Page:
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alnite

OpenGL total noob in OpenGL

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Ok, I think I might like it, but before I go too deep learning it and ended up disliking it, I need to know some things first. My target is not making a full 3D environment, but 2D using textured quads. 1. does calling glBegin() and glEnd() for every object (textured quad) is efficient? In Direct3D, you want to minimize calling DrawPrimitive() if you aim for efficiency (speed). 2. How expensive is glBindTexture()? Would that be fine if I call glBindTexture() for each object? 3. What is the best way of creating/managing/displaying textured quads with transparency/color key, alpha blending, rotation, and diffuse color? From NeHe, it appears that I need to create masks for each texture just for the color key, but I don''t like masks. Can I use PNG files with alpha channel instead? Those are my questions, so far. Thanks in advance.

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quote:
Original post by alnite
1. does calling glBegin() and glEnd() for every object (textured quad) is efficient? In Direct3D, you want to minimize calling DrawPrimitive() if you aim for efficiency (speed).

There are many ways to specify geometry in OpenGL. The glBegin/glEnd method is the least efficient of these, and thus only to be used in simple programs. Look into vertex arrays and vertex buffer objects for far more efficient alternatives.
quote:
Original post by alnite
2. How expensive is glBindTexture()? Would that be fine if I call glBindTexture() for each object?
It depends. If you have to change the texture, you have to change the texture. Just try to minimize it (e.g. batch based on texture).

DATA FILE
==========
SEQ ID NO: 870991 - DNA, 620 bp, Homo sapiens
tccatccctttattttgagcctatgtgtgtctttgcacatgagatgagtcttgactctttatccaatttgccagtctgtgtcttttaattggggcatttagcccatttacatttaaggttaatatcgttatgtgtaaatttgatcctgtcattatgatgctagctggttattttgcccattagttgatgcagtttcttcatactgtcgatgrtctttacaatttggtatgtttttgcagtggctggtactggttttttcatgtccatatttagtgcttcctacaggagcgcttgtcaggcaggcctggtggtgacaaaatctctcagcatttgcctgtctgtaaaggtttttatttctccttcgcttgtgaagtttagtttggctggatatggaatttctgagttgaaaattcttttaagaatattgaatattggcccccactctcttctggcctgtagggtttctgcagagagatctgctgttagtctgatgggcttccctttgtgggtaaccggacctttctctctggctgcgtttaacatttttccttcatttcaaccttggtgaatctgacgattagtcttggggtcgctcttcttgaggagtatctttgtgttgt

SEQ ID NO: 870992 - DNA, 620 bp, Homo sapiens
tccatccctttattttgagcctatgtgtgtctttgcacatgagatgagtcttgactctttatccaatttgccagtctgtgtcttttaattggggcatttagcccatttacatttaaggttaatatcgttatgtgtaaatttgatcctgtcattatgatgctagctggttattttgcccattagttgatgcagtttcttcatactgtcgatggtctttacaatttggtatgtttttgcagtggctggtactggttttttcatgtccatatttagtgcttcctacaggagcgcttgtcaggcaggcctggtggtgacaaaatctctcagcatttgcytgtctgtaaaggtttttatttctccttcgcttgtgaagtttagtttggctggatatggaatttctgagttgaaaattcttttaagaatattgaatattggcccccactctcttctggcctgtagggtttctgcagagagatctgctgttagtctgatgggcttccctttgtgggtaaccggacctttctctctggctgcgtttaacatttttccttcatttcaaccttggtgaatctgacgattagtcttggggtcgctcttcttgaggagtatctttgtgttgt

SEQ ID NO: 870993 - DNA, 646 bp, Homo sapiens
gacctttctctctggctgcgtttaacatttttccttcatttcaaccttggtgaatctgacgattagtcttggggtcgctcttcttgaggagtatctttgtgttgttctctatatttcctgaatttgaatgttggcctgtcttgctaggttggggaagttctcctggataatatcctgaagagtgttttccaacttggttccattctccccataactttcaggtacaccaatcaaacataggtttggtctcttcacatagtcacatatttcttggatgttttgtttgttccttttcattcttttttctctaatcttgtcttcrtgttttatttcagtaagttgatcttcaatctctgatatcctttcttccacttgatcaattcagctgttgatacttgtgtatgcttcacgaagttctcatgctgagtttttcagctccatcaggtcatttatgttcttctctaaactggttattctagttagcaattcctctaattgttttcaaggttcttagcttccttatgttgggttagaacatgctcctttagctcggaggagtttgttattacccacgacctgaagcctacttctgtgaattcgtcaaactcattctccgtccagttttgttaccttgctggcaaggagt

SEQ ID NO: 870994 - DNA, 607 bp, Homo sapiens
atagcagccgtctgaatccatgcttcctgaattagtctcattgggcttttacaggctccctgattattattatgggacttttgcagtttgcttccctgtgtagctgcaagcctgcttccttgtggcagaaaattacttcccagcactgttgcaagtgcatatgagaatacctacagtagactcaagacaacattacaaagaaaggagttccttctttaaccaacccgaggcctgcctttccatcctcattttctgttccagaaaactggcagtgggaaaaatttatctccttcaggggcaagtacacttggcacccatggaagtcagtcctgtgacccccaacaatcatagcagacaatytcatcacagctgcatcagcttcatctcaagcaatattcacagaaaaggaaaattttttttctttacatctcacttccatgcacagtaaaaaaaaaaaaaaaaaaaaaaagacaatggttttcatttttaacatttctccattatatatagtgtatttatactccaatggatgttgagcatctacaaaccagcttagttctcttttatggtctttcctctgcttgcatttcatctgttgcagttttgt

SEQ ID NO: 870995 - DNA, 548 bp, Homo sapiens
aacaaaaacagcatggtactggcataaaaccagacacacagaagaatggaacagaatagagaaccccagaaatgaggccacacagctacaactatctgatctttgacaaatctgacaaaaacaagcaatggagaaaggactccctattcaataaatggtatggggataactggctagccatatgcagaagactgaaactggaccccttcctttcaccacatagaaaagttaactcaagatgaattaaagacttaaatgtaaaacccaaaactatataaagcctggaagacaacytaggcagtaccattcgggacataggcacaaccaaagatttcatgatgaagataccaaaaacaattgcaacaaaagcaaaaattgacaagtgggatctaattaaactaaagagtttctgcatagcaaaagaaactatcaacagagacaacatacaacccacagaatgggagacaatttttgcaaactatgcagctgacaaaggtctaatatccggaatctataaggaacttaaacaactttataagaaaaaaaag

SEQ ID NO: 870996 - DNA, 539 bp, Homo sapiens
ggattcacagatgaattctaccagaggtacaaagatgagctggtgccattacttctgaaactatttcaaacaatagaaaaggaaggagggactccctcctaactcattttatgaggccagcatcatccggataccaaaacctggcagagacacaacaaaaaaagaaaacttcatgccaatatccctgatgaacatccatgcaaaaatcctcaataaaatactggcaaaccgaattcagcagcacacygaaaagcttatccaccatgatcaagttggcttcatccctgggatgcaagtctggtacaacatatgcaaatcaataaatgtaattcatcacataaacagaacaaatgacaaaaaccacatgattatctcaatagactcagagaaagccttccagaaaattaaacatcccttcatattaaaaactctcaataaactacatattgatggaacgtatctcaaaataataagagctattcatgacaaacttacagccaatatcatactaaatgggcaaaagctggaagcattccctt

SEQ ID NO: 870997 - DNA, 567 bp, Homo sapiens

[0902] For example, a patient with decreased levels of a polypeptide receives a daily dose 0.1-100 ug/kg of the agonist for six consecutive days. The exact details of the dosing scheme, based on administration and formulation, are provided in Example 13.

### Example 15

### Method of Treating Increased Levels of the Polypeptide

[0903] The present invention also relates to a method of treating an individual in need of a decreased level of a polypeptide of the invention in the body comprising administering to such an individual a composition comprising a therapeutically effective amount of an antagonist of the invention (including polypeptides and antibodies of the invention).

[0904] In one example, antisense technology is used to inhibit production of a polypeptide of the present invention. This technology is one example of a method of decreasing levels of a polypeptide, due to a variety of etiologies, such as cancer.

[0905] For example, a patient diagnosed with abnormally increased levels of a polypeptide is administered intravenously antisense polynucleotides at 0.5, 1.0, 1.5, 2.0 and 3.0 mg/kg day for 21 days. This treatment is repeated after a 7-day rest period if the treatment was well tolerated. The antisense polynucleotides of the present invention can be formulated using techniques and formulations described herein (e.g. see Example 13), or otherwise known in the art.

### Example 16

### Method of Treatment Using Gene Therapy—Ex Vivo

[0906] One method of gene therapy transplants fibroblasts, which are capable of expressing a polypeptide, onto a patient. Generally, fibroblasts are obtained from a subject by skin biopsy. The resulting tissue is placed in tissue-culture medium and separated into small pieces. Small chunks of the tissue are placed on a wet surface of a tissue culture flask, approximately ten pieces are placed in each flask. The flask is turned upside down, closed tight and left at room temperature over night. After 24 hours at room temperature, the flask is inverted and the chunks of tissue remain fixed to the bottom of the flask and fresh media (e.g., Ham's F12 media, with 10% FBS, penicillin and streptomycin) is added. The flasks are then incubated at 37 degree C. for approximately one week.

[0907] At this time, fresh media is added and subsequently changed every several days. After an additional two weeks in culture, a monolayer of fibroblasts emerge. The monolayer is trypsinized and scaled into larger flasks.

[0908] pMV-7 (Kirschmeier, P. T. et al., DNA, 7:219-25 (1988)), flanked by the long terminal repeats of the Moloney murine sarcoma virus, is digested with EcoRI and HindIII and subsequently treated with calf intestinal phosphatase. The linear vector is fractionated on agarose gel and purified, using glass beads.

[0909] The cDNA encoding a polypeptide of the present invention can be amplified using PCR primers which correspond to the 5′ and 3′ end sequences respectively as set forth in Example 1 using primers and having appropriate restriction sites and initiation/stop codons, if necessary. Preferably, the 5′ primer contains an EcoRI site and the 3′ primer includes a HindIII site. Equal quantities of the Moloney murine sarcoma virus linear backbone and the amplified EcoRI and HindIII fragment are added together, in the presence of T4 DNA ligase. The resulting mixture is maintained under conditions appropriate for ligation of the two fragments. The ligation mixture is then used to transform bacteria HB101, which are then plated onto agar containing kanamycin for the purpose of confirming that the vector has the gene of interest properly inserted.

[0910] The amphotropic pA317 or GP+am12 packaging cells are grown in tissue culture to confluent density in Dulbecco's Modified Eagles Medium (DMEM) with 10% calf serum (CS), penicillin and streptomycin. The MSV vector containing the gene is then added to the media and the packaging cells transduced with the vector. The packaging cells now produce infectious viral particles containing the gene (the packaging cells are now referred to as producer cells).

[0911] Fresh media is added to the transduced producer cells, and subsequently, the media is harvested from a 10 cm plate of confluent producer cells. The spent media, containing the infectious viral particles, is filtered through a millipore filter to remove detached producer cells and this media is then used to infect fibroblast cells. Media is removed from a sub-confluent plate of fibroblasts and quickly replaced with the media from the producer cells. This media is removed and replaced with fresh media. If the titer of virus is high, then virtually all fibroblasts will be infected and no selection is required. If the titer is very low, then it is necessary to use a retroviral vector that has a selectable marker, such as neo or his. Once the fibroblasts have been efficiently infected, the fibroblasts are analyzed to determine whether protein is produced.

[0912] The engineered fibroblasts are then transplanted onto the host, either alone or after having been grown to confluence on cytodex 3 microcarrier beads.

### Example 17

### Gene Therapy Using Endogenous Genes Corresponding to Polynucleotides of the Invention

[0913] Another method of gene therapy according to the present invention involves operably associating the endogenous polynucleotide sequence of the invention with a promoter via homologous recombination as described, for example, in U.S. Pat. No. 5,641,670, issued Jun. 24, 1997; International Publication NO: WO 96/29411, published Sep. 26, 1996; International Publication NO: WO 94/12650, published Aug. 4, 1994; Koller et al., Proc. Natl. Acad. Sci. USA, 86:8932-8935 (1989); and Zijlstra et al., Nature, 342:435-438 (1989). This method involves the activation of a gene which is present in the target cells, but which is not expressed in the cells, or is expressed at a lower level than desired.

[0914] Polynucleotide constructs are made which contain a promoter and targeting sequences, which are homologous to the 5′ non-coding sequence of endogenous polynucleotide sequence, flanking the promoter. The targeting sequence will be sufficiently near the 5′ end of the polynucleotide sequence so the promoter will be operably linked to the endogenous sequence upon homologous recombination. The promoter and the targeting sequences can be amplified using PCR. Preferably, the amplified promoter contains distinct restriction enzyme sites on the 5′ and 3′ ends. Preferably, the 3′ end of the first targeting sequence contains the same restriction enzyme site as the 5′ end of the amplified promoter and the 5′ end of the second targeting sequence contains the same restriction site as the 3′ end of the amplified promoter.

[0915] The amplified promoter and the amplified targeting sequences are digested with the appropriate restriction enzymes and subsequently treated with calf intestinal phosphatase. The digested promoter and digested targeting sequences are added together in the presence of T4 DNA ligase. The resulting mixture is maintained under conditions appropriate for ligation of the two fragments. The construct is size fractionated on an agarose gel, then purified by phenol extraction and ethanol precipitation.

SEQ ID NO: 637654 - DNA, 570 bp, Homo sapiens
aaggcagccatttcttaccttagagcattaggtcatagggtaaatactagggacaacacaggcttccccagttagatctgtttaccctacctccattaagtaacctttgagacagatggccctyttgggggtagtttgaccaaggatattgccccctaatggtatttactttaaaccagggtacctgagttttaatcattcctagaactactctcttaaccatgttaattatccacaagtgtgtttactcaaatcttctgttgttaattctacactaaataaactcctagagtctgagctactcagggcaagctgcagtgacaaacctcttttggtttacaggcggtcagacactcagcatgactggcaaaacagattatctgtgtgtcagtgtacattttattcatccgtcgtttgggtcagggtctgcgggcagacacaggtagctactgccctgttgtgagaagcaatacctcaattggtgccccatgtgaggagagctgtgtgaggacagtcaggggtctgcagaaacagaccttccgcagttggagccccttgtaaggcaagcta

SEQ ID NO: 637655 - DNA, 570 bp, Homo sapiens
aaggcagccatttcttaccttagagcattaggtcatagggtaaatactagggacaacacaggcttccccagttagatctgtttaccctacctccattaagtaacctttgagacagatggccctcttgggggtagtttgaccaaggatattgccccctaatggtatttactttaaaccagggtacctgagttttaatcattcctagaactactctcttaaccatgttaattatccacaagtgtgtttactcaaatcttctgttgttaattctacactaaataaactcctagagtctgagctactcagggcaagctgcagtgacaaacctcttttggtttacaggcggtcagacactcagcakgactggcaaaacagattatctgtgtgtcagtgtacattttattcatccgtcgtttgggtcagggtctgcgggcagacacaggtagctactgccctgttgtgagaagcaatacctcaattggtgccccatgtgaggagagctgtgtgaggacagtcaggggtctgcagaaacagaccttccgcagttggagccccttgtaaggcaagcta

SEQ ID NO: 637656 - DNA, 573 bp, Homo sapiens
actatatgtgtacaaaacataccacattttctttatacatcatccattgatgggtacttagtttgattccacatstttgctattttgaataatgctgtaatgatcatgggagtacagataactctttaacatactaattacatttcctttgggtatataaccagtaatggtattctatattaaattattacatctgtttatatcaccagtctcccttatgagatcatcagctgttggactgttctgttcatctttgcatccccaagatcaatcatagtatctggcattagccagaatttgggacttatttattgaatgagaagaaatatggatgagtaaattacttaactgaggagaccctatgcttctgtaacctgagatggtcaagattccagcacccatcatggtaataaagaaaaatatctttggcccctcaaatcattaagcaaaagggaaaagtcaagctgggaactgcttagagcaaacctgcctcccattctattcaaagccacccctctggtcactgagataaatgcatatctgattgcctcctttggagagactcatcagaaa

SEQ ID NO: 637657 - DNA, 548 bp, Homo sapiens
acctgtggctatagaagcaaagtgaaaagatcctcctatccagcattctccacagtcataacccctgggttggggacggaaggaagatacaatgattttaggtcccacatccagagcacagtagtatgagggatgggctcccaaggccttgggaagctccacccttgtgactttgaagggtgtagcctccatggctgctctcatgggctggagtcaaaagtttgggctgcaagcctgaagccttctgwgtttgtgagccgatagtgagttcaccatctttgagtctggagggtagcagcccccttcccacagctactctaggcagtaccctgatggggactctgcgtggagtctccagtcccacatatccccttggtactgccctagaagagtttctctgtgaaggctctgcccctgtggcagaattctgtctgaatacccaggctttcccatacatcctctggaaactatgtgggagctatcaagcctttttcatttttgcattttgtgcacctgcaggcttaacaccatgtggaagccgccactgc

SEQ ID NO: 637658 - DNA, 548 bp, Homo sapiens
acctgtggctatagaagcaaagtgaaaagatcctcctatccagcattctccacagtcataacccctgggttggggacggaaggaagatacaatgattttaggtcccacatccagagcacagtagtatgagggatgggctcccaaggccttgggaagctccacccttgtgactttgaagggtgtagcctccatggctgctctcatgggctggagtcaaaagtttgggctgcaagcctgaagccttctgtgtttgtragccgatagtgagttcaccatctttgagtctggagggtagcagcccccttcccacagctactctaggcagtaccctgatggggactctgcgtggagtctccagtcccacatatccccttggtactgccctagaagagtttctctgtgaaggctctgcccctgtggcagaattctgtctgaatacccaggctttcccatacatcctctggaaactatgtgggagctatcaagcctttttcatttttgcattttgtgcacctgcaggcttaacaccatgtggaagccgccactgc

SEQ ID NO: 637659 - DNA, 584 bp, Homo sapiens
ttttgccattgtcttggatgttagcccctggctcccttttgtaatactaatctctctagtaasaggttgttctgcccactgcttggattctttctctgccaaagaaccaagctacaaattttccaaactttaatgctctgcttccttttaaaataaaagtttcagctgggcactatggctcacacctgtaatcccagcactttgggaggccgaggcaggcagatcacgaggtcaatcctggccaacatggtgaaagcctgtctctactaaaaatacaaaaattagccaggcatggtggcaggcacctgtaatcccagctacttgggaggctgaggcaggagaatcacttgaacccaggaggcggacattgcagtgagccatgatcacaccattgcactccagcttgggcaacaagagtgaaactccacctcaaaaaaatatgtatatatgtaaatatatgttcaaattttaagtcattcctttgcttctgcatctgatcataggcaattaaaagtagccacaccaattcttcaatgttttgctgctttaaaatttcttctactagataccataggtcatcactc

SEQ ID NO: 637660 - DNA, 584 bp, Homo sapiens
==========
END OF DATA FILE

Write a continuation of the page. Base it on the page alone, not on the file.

quote:
Original post by alnite
3. What is the best way of creating/managing/displaying textured quads with transparency/color key, alpha blending, rotation, and diffuse color? From NeHe, it appears that I need to create masks for each texture just for the color key, but I don''t like masks. Can I use PNG files with alpha channel instead?
If you''re just going for a color mask effect, using the alpha channel in conjunction with alpha test is the way to go. There''s no need for separate masks.

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Guest Anonymous Poster
I''d like to add to Myopic''s post only one thing. You explained that you didn''t want to get too deep into OpenGL yet; vertex arrays(and vertex buffer objects) tend to be overwhelming at first. If your vertex data is static (like 2D textured quads), look into the Display Lists. They act like macros, you compile a list from a set of OpenGL state commands (like you would in immediate mode, with glBegin/glEnd/glVertex/etc) and then reference the list at run time. This batching of the commands increases performance phenomenally.

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Thanks a lot!

quote:
Original post by Anonymous Poster
I''d like to add to Myopic''s post only one thing. You explained that you didn''t want to get too deep into OpenGL yet; vertex arrays(and vertex buffer objects) tend to be overwhelming at first. If your vertex data is static (like 2D textured quads), look into the Display Lists. They act like macros, you compile a list from a set of OpenGL state commands (like you would in immediate mode, with glBegin/glEnd/glVertex/etc) and then reference the list at run time. This batching of the commands increases performance phenomenally.
That one sounds much easier to do. I''ll go with that one.

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Also, use gluOrtho2D to set your projection matrix instead of gluPerspective or gluOrtho. You probably knew this already.

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